AgWatch


Late Palmer Amaranth Management









DR. LARRY STECKEL

JACKSON, TENN.
   This has proven to be a very challenging year to manage Palmer amaranth.I do not think I have spoken to a crop consultant this year who does not know of a couple soybean fields that were disked up and replanted due to Palmer amaranth. Even tillage at times did not work as one tillage pass typically will not provide good control of foot tall Palmer.  It really takes a couple passes at a reasonable depth separated by about 3 days to do an adequate job.
   The last several springs PRE applied herbicides have worked very well and even when they did not fields could often be sprayed timely as they were not muddy. This was not the case in 2015. The prolonged wet period this spring and now summer has greatly accelerated how quickly PRE applied herbicides played out. This coupled with muddy fields made it a struggle to spray Palmer amaranth prior to it getting 3” tall. As a result we have too many grown up messy Palmer amaranth soybean fields this summer.
   I typically get less calls on pigweed management in early July but that is not the case this time as folks are trying to control large Palmer amaranth in soybean. Unfortunately, I am not much help as there are no good options for >6” Palmer in soybean. A sequential application of FlexStar followed by Ultra Blazer or Cobra most folks are going with in these situations. This strategy can provide 70 percent Palmer amaranth control if applied on the weeds in that 3 to 6” range but is sadly lacking on Palmer amaranth that is >12” tall.  At this point it is best to try to keep any more Palmer amaranth from emerging and getting a chopping crew lined up for the large ones.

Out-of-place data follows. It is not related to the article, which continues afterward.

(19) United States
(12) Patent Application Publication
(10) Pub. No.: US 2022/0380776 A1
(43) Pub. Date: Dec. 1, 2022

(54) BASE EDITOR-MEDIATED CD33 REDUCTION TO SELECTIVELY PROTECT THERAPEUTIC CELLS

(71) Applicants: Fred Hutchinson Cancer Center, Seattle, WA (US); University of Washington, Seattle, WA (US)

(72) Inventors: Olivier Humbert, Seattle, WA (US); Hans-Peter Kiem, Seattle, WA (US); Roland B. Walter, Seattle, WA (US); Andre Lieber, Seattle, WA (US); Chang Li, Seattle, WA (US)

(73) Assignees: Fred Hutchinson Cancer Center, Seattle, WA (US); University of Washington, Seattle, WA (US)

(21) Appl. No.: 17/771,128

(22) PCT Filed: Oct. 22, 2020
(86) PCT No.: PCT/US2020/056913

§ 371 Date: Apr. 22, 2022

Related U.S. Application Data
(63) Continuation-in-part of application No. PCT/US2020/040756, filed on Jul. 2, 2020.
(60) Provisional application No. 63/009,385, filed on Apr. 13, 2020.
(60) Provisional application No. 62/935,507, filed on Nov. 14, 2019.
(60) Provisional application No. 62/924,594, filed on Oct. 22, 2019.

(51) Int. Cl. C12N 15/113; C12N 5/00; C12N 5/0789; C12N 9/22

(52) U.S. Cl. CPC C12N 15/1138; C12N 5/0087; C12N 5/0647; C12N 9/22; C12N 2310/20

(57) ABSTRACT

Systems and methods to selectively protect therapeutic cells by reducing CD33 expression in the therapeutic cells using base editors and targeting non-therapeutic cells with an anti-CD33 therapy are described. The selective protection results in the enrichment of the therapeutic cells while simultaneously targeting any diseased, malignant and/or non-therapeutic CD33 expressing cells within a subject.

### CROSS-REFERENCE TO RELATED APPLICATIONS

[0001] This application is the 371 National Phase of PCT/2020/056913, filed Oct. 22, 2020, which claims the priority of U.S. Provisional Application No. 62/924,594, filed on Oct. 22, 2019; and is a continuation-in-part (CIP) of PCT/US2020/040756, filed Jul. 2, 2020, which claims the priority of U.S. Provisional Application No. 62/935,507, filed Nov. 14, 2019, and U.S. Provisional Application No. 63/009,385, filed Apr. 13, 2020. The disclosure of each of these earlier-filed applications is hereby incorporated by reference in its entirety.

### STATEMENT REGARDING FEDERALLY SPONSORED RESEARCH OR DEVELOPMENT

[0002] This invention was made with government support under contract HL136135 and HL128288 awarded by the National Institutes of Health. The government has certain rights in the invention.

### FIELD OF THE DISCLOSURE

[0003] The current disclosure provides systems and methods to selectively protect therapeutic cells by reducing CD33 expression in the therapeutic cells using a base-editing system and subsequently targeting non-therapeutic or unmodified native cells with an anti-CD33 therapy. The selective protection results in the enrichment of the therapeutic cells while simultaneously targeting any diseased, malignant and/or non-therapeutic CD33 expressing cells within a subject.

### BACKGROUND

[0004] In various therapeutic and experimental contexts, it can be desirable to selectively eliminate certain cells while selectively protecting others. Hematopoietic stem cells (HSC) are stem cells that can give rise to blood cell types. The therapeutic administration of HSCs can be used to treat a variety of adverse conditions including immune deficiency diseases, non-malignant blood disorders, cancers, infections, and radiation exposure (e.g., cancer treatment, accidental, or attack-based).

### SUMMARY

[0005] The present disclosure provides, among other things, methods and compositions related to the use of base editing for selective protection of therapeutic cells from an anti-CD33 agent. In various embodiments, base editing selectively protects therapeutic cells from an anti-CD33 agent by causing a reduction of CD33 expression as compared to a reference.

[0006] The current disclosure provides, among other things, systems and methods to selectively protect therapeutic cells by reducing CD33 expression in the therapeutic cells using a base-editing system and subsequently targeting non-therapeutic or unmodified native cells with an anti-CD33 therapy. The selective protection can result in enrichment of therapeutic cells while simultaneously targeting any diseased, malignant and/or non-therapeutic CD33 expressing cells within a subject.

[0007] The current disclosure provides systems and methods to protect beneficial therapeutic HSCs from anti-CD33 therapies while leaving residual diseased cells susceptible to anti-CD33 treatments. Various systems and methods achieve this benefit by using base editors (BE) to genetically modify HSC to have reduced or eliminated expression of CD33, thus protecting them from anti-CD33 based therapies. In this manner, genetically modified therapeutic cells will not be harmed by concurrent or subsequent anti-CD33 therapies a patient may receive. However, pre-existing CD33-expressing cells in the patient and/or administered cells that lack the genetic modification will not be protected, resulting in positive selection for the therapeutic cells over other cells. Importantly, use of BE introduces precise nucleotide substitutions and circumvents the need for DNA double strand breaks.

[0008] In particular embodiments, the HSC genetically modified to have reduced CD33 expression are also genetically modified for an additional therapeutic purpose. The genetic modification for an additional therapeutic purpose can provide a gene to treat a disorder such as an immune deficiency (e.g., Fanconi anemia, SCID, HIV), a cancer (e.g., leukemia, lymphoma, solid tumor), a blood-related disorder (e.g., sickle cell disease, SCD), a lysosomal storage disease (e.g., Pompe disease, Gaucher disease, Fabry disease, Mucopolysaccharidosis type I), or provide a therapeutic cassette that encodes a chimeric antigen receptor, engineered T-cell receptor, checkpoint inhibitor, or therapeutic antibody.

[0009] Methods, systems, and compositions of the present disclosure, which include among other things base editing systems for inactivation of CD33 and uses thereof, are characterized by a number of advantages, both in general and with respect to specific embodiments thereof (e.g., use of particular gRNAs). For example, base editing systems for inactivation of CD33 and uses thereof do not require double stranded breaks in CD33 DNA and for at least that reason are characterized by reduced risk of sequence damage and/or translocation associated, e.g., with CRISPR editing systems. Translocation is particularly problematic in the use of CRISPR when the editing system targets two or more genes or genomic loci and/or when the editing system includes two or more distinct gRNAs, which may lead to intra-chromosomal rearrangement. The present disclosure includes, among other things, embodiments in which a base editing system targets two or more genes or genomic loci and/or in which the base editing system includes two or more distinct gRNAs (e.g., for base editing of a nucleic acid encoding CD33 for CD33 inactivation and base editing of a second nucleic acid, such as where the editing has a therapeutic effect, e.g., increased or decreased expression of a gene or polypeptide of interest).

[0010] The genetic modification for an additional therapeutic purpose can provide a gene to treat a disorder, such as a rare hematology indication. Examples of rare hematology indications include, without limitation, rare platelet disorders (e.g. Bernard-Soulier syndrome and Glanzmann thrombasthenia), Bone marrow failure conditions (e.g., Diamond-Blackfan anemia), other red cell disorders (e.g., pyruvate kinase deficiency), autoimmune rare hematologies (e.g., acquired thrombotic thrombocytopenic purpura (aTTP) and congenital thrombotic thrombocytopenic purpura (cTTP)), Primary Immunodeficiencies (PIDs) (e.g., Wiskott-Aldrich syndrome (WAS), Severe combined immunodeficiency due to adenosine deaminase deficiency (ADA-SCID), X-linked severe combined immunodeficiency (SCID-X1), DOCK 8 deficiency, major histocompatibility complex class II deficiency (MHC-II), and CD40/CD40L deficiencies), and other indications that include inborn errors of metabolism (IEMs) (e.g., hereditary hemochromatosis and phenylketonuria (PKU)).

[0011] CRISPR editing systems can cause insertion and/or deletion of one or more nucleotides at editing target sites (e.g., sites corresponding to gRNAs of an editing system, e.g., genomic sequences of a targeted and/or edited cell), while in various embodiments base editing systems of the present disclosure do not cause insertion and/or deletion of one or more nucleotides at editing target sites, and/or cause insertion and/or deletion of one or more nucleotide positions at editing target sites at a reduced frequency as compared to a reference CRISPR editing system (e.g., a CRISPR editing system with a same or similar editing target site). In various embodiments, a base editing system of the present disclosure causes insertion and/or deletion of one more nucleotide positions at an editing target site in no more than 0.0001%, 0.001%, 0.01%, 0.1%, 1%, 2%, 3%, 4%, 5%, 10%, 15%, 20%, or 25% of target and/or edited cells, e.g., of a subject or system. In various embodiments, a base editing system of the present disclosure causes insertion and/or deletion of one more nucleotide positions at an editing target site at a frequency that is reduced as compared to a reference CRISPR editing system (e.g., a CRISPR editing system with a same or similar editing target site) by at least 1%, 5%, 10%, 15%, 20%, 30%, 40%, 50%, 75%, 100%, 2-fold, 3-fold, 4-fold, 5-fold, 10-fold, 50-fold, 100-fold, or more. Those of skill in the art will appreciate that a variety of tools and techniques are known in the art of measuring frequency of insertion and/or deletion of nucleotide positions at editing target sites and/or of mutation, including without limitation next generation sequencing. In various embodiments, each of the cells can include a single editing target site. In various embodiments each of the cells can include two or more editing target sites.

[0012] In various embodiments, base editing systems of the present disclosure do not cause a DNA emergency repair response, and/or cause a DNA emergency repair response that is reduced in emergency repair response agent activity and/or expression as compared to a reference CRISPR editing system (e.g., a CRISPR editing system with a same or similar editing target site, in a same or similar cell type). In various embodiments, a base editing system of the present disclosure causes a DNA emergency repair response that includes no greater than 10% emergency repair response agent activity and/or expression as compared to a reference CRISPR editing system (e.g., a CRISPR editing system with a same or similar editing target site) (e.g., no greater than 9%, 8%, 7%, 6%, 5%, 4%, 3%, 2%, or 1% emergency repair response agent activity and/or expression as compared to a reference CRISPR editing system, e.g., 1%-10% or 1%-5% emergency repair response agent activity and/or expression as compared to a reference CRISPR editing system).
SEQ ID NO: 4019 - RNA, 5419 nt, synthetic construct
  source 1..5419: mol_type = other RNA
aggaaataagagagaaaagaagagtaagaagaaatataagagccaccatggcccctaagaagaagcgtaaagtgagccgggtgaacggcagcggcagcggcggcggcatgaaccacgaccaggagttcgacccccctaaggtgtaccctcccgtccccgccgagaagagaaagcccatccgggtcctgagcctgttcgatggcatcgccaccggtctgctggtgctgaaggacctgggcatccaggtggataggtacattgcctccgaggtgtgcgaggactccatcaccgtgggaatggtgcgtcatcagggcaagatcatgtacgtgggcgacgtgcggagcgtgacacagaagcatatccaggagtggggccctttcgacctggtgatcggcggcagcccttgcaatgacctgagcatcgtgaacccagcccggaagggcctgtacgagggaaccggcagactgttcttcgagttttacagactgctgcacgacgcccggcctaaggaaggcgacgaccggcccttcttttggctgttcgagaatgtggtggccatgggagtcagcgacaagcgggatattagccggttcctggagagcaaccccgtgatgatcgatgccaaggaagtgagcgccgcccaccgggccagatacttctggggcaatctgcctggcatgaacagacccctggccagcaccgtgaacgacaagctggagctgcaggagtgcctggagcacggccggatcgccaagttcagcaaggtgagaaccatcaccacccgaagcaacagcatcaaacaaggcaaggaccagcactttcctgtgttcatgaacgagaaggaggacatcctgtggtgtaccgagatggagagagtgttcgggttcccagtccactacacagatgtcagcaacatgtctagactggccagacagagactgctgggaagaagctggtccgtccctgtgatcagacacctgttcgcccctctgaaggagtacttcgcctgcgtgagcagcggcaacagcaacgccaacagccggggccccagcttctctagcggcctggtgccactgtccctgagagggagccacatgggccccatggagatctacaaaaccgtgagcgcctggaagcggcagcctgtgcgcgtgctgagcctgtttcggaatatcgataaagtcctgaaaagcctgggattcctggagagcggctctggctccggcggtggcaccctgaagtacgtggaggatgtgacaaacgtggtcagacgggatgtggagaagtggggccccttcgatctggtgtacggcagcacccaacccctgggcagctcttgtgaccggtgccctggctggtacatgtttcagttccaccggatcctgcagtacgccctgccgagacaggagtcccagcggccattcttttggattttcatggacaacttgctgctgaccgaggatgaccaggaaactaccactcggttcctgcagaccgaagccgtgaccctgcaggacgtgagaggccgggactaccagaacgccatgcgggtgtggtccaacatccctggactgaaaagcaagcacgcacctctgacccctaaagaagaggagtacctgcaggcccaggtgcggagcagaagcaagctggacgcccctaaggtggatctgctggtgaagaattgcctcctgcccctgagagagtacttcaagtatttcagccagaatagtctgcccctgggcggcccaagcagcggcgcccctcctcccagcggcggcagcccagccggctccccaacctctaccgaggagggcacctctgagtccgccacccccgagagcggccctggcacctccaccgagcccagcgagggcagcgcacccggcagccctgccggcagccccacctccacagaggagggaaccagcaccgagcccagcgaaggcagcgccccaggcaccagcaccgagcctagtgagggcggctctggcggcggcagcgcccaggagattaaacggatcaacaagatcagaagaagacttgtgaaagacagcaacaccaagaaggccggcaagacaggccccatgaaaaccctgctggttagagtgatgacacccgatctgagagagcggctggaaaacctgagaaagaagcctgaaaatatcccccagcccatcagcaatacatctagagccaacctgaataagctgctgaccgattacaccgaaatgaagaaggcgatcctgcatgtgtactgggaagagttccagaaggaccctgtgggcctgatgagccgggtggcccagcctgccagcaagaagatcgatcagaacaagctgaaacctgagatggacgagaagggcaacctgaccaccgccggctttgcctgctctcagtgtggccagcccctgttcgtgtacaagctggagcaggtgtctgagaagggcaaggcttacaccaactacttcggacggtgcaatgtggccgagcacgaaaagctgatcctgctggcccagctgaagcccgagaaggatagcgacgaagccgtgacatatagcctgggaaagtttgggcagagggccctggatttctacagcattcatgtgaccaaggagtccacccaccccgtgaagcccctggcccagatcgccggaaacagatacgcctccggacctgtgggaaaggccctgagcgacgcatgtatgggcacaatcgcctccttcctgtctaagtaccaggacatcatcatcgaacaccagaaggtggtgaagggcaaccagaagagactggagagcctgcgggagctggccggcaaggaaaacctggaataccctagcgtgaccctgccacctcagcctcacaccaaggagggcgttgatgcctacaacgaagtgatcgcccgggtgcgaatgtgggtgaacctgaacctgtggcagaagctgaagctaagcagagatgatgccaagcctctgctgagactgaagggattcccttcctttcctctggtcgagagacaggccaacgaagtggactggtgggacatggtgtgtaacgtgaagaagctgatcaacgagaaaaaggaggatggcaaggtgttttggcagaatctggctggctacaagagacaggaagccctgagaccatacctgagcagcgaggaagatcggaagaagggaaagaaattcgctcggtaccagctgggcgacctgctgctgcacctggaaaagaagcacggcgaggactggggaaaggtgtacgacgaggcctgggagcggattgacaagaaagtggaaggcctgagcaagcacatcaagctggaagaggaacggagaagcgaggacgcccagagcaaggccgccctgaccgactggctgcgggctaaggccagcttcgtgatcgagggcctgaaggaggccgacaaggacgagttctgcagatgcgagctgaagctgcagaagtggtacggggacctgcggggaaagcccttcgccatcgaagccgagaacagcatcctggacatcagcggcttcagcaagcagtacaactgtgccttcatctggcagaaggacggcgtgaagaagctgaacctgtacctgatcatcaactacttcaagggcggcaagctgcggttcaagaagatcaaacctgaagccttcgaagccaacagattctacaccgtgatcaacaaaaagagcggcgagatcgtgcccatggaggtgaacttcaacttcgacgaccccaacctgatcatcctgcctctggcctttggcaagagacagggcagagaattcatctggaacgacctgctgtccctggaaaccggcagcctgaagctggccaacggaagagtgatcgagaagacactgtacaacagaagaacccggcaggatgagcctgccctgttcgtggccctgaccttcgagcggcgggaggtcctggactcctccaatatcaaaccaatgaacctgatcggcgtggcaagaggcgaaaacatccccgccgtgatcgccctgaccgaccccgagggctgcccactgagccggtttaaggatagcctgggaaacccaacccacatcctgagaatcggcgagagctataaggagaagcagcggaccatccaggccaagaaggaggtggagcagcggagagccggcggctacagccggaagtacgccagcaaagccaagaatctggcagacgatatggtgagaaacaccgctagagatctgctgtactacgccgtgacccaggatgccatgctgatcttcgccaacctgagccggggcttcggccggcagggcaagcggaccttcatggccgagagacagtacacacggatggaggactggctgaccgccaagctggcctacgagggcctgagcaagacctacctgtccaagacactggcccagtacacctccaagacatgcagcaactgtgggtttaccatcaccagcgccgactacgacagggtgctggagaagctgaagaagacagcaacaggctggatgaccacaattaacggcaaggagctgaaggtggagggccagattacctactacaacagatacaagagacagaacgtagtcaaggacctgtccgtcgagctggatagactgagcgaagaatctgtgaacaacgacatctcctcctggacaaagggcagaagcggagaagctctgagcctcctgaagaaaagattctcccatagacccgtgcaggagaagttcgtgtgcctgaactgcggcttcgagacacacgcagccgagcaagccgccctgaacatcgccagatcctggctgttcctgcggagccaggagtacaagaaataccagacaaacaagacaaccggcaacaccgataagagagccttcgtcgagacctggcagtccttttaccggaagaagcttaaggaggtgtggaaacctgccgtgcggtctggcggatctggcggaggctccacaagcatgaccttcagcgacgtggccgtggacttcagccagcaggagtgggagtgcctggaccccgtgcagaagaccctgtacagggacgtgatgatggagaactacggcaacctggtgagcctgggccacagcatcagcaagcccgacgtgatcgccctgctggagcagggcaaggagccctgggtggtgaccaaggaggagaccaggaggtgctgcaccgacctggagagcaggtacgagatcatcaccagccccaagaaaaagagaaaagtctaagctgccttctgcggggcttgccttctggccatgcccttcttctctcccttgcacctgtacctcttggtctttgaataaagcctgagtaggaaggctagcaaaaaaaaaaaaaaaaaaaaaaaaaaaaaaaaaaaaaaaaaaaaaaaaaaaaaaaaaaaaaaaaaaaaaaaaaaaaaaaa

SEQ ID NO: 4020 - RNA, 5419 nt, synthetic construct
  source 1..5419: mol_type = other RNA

As we move into the middle of July we really need to be aware of what crop will likely be planted in that field next year. Any herbicide that contains fomesafen (FlexStar, Reflex, Prefix, Marvel, Intimidator, etc) has a 10 month plant back to corn or grain sorghum. This will become even more important for the soybeans that are being planted today and for those fields that may be planted closer to August as the Mississippi River goes down. ∆
   DR. LARRY STECKEL: Extension Weed Specialist, University of Tennessee
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